By Richard Westlund / Special to UM News
While progress has been made in many areas, many unknowns remain when dealing with Zika.
Christine L. Curry, M.D., Ph.D., assistant professor of obstetrics and gynecology for the University of Miami Health System, was thrust into the national spotlight in 2016 for her leadership in caring for pregnant women infected with Zika.
Today, Curry is still on the frontlines of caring for newly infected pregnant women as co-director of UM’s Zika Response Team, while collaborating on important data-gathering and research studies to monitor the infants.
“From a clinical perspective, we have made significant progress,” said Curry, who has a background in virology. “Pregnant women now know that they have the right to free testing. Also test results are coming back much more quickly for patients seen at UHealth clinics and our affiliate Jackson Memorial Hospital. That’s important because it’s hard to counsel women when you don’t know if they were infected or not.”
The CDC now recommends pregnant women be screened for Zika at least once every trimester.
“Along with receiving prenatal care, it’s important for Zika-positive mothers to deliver at a location where their babies can receive comprehensive care in their first days of life,” Curry said. “We also stay in close touch with these new mothers, even if their babies do not have any evident problems.”
In 2016, UHealth and Jackson identified more than 50 babies born to mothers with confirmed Zika infections. The percentage of infections was highest in Haitian-Creole and Spanish-speaking mothers, pointing to health disparities in the South Florida community. Because so many Miami-Dade residents travel to and from the Caribbean and Latin America, clinicians no longer ask whether the mothers acquired the infection locally or during a visit to another country, Curry added.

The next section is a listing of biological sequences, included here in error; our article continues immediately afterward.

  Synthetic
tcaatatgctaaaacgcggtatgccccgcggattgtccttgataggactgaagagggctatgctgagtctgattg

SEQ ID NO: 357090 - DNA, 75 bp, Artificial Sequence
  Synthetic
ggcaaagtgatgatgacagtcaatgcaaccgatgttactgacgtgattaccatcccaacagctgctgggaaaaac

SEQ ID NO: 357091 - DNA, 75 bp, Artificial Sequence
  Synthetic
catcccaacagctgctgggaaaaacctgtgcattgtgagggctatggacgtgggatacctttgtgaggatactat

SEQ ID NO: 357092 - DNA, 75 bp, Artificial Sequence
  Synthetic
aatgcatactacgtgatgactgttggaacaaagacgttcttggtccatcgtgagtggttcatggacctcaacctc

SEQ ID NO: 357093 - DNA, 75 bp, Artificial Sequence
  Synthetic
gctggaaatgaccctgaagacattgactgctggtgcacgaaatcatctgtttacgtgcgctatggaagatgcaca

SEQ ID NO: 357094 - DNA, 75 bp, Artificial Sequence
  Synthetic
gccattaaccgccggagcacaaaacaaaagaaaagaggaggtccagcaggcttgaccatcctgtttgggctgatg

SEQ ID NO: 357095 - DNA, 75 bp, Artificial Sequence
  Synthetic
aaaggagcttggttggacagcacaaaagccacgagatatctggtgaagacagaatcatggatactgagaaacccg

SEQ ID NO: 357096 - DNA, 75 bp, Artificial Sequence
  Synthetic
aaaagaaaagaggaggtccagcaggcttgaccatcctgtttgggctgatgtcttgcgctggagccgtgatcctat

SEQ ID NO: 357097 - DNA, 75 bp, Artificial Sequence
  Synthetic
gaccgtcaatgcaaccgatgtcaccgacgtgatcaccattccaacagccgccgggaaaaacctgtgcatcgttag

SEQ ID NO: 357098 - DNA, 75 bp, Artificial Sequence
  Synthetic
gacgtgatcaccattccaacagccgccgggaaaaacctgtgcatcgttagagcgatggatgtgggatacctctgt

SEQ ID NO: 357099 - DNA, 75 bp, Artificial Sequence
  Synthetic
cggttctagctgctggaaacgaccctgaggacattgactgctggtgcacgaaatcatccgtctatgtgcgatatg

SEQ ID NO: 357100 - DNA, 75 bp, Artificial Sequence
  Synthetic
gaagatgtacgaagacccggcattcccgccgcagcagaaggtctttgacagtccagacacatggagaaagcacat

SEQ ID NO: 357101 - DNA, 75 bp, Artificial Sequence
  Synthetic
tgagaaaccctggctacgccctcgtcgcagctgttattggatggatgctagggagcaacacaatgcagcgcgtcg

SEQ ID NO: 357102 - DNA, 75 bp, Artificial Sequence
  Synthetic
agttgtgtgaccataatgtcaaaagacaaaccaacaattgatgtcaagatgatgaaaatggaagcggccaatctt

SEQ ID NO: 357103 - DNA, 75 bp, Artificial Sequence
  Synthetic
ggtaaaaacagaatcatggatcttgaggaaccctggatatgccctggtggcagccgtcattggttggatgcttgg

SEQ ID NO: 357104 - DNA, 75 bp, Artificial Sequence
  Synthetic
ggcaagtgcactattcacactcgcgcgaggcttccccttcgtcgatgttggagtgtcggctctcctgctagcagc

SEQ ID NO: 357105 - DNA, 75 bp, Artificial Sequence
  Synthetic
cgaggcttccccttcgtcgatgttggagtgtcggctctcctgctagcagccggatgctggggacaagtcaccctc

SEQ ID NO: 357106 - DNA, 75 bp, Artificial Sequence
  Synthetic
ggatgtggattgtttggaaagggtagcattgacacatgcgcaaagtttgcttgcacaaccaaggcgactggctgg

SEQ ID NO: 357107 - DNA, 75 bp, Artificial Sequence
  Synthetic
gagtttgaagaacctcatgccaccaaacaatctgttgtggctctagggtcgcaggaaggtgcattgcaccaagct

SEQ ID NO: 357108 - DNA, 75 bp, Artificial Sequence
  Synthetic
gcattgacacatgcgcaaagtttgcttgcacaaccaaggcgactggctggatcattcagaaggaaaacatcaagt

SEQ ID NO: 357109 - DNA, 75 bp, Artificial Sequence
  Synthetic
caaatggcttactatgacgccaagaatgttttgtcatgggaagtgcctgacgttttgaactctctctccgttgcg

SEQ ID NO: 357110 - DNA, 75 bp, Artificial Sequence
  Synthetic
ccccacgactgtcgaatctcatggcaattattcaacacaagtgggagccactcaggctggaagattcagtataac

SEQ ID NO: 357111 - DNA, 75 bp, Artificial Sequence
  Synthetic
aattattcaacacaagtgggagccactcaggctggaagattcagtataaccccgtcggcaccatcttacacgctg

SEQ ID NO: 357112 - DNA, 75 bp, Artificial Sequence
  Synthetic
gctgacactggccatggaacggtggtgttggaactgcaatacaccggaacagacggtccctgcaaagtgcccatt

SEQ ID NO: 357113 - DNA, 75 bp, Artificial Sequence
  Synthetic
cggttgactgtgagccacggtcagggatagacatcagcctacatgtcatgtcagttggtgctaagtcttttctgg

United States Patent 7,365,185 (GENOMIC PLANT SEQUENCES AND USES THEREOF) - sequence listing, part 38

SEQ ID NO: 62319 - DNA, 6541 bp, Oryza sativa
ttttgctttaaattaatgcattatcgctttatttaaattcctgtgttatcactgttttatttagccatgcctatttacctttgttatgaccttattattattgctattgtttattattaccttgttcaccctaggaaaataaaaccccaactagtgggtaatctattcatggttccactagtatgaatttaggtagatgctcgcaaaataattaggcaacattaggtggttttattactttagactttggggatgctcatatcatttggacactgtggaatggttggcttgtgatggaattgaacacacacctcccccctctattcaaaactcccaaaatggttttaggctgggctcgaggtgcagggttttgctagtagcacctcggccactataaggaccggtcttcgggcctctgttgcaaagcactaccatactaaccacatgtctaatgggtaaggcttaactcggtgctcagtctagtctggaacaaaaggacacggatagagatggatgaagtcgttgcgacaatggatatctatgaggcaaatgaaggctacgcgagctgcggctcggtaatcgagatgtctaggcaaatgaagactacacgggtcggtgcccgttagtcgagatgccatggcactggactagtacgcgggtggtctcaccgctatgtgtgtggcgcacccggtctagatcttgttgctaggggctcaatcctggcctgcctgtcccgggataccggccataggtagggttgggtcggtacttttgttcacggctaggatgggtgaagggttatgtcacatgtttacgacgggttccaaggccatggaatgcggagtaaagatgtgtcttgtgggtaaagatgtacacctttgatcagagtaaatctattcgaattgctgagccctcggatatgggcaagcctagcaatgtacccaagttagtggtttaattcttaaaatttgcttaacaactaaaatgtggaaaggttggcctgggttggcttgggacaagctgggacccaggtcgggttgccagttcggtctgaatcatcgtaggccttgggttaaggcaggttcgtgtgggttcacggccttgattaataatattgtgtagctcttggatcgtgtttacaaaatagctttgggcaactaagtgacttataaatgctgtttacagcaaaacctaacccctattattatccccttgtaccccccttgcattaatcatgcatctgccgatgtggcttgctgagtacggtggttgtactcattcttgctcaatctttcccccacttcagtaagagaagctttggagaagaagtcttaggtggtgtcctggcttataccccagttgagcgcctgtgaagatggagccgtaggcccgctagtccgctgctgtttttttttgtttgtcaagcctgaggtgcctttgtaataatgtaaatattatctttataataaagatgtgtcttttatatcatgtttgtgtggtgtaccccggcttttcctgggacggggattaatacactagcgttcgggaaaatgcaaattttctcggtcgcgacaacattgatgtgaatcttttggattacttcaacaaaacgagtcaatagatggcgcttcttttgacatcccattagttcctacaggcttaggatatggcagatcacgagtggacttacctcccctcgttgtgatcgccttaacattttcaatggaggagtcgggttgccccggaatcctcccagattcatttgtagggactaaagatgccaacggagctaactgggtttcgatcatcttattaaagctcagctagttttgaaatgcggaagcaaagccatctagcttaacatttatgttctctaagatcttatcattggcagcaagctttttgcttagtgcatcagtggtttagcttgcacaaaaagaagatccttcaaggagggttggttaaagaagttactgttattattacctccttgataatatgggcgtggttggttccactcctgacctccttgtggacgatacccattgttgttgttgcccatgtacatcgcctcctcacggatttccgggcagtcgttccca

New information from the U.S. Centers for Disease Control and Prevention (CDC) Zika registry is providing a better idea of the risks. “It now appears that only about 10 percent to 20 percent of infected mothers pass the Zika virus to the fetus,” Curry said, adding that only 1 in 20 infected babies show immediate effects from Zika.
Vision problems are part of the damaging cluster of medical issues affecting these infants. Audina M. Berrocal, M.D., professor of clinical ophthalmology at UM’s Bascom Palmer Eye Institute, and Camila V. Ventura, M.D., a former pediatric retina research fellow at Bascom Palmer, collaborated on a study of 32 Brazilian infants who tested positive for Zika infection. Visual impairment was detected in all 32 babies, and retinal or optic nerve problems were observed in 14 patients.
Zika may also cause cardiac problems, and Claudia A. Martinez, M.D., associate professor of medicine, is leading a state-funded study of adult, non-pregnant Zika patients to determine if Zika increases the risk.
Other pediatric specialists with the Zika Response Team are studying Zika’s potential impact on hearing and are rigorously screening asymptomatic newborns to identify blood markers or other subtle indicators of Zika’s impact.
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